After a good nights rest, we wake very early to head to Tortuguero. We meet up with the rest of the group at a restaurant along the way, and then combine with the others heading for the same lodge. We pass by some towns and soon are on a rocky dirt road that heads to Caño Blanco Dock, where we will meet up with our boat transfer. In the meantime, we pass by a huge Del Monte banana packaging plant, and stop to see the entire process since workers are there. The sheer quantity of bananas is fascinating, as well as the vast amounts that have to be rejected if there are any defects. We continue on another half hour to the dock and there board our boat to cruise the waterways towards Tortuguero Village. Along the way we are lucky and spot howler monkeys perched high in the canopy, many different kinds of birds (whose names I do not remember, due to the fact that I am not a birder), as well as a caiman sunbathing. After about an hour in the boat, we arrive to Tortuguero Village where we get out to explore the small town and learn a bit about the history here. It is now about 1 in the afternoon, and while it has been a long morning, we will probably not want to return later to see it, so we stop on the way.
We spend around 45 minutes in the village, then board the boat to go the rest of the way to Turtle Beach Lodge. This hotel, while located further north than most, is unique in that you have to go by much smaller canals to get there. It almost feels as though one is in the Jurassic Park ride at Universal Studios, except everything is real, there are not nearly as many “stuffed animals”, and there won’t be a huge rollercoaster drop at the end! We arrive to the lodge, are welcomed with fresh juice and shown to our cabanas. They are very clean, yet have a rustic feel to them – perfect for coming to explore the rainforest!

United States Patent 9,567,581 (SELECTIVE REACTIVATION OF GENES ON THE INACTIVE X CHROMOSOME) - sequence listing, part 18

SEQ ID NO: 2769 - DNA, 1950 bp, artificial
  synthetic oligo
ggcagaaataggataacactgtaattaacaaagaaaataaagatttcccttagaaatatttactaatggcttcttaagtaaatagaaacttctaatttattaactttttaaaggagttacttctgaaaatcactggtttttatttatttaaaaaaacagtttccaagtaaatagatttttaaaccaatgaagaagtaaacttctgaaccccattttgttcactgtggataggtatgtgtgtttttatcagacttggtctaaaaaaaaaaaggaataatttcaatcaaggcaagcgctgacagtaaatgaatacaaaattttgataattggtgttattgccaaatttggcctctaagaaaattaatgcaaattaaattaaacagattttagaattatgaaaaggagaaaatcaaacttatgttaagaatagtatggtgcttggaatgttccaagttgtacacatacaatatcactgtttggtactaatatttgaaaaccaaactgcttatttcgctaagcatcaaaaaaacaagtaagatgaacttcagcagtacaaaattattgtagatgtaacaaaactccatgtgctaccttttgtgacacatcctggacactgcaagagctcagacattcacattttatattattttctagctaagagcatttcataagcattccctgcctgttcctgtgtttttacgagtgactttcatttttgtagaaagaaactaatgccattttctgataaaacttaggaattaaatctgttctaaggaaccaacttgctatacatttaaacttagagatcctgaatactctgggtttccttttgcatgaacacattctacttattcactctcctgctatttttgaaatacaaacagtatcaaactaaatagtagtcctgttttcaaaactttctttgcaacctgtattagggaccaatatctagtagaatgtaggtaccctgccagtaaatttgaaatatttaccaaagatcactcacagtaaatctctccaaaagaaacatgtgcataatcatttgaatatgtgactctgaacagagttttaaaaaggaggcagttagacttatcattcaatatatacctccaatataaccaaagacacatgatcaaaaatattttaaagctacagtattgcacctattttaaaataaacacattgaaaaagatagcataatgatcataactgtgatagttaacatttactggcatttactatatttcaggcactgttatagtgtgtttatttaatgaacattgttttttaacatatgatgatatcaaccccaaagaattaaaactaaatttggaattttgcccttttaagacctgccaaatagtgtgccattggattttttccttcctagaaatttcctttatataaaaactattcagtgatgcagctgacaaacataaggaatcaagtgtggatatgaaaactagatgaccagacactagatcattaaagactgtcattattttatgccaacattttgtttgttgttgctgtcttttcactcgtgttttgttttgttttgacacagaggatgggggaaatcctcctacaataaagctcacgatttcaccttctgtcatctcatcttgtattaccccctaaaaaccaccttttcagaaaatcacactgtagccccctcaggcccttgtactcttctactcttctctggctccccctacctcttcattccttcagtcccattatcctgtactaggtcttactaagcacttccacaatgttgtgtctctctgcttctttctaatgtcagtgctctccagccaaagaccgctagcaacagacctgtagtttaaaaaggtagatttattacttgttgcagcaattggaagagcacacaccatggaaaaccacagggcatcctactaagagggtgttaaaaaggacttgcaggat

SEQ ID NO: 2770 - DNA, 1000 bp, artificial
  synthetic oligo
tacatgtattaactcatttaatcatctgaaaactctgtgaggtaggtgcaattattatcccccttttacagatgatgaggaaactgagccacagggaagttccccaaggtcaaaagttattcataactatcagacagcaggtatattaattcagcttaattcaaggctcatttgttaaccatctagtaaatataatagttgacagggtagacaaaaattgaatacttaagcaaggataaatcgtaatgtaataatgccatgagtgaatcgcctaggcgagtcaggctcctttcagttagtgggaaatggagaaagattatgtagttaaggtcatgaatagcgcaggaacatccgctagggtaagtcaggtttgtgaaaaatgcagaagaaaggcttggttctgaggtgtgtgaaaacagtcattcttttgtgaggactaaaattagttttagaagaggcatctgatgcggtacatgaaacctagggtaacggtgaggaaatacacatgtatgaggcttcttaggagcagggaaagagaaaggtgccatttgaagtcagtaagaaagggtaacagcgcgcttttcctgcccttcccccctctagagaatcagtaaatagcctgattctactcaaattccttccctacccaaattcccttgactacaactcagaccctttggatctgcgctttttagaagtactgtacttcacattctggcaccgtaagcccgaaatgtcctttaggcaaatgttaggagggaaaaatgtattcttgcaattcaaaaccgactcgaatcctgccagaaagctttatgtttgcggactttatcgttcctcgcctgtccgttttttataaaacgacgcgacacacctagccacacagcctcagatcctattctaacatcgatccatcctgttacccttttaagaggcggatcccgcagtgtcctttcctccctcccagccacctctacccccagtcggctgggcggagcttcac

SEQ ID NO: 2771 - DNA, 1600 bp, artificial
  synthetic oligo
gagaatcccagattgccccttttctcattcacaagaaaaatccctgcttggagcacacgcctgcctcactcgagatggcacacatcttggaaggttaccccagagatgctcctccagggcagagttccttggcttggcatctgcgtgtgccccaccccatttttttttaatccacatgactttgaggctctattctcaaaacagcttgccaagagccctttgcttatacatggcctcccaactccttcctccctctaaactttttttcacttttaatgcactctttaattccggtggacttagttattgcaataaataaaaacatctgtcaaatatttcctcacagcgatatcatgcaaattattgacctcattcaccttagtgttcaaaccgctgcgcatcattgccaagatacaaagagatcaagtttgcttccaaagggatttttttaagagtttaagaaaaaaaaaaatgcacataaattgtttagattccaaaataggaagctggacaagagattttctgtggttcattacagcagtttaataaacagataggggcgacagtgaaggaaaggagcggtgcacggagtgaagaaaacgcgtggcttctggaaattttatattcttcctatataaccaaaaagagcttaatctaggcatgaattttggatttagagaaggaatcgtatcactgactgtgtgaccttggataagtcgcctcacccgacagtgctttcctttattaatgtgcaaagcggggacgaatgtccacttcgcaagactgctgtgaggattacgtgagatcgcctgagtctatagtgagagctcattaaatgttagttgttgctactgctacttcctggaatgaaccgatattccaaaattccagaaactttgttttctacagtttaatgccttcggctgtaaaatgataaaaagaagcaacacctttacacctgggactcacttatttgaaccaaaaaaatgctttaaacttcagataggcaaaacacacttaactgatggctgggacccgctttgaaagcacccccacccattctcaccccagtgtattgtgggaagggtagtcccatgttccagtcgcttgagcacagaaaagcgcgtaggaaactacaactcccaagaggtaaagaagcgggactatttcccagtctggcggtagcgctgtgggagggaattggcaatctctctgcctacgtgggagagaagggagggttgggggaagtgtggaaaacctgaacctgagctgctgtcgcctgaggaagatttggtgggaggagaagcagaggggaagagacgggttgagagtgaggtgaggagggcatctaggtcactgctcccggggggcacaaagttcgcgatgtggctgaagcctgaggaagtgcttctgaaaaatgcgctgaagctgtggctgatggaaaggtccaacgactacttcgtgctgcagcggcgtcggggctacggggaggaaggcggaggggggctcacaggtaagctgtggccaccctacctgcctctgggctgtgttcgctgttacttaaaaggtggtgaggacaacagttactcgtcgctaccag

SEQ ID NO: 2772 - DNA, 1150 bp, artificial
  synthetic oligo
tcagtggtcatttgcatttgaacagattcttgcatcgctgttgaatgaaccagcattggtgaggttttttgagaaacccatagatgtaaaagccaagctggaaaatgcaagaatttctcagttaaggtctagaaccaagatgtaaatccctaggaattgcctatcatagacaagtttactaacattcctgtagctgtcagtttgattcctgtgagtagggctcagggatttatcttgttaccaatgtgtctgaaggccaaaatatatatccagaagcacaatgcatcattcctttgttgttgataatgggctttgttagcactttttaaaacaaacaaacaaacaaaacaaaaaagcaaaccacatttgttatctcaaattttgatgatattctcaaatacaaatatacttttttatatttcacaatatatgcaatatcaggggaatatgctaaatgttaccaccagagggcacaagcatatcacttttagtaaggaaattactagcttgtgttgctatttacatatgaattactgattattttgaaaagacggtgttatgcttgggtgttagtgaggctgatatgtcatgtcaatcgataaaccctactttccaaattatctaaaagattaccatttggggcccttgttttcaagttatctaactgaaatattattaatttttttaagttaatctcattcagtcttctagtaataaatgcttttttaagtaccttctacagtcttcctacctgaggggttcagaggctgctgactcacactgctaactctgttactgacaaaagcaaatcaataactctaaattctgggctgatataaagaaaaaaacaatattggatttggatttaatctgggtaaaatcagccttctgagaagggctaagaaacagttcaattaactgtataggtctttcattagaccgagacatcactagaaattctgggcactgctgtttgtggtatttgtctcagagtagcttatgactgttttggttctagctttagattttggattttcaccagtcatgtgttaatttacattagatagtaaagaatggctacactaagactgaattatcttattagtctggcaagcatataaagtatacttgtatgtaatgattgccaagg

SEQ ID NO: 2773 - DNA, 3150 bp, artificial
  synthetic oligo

We decide to wander around the property and find that the coastline is on one side of the property with miles of sandy beach to explore in each direction. The pool looks inviting and the grounds are very beautiful and peaceful. After dinner and a quick nap, we head back on the boats to go try to spot a green turtle coming on shore to nest. You have to wear dark clothes and leave your flashlights and cameras behind. While the whole experience is a bit confusing (as we had 3 different language groups represented in our boat and the guides aren’t always making sure to translate everything that is said) it was well worth the patience it required to see the huge green turtles laying eggs, burying them, and then returning to sea. We were here in min October, which while it is the dry season on the Caribbean giving us great weather, it was also the end of the turtle season so we weren’t sure we would see anything. We sat most of the time waiting for the guides who were going up ahead to find the turtles and say it was okay to come. The turtles get scared if they see people/predators before they actually start laying the eggs, and then may turn back so there is a lot of waiting around for the turtle to dig the hole for the nest before you can actually go see them. The whole experience was amazing!! To watch a huge 300 lb turtle do what is instinct so perfectly and then pull herself back down to the ocean was unlike anything I have ever seen. The few minutes of watching these animals made the hour or so of waiting around worth every second!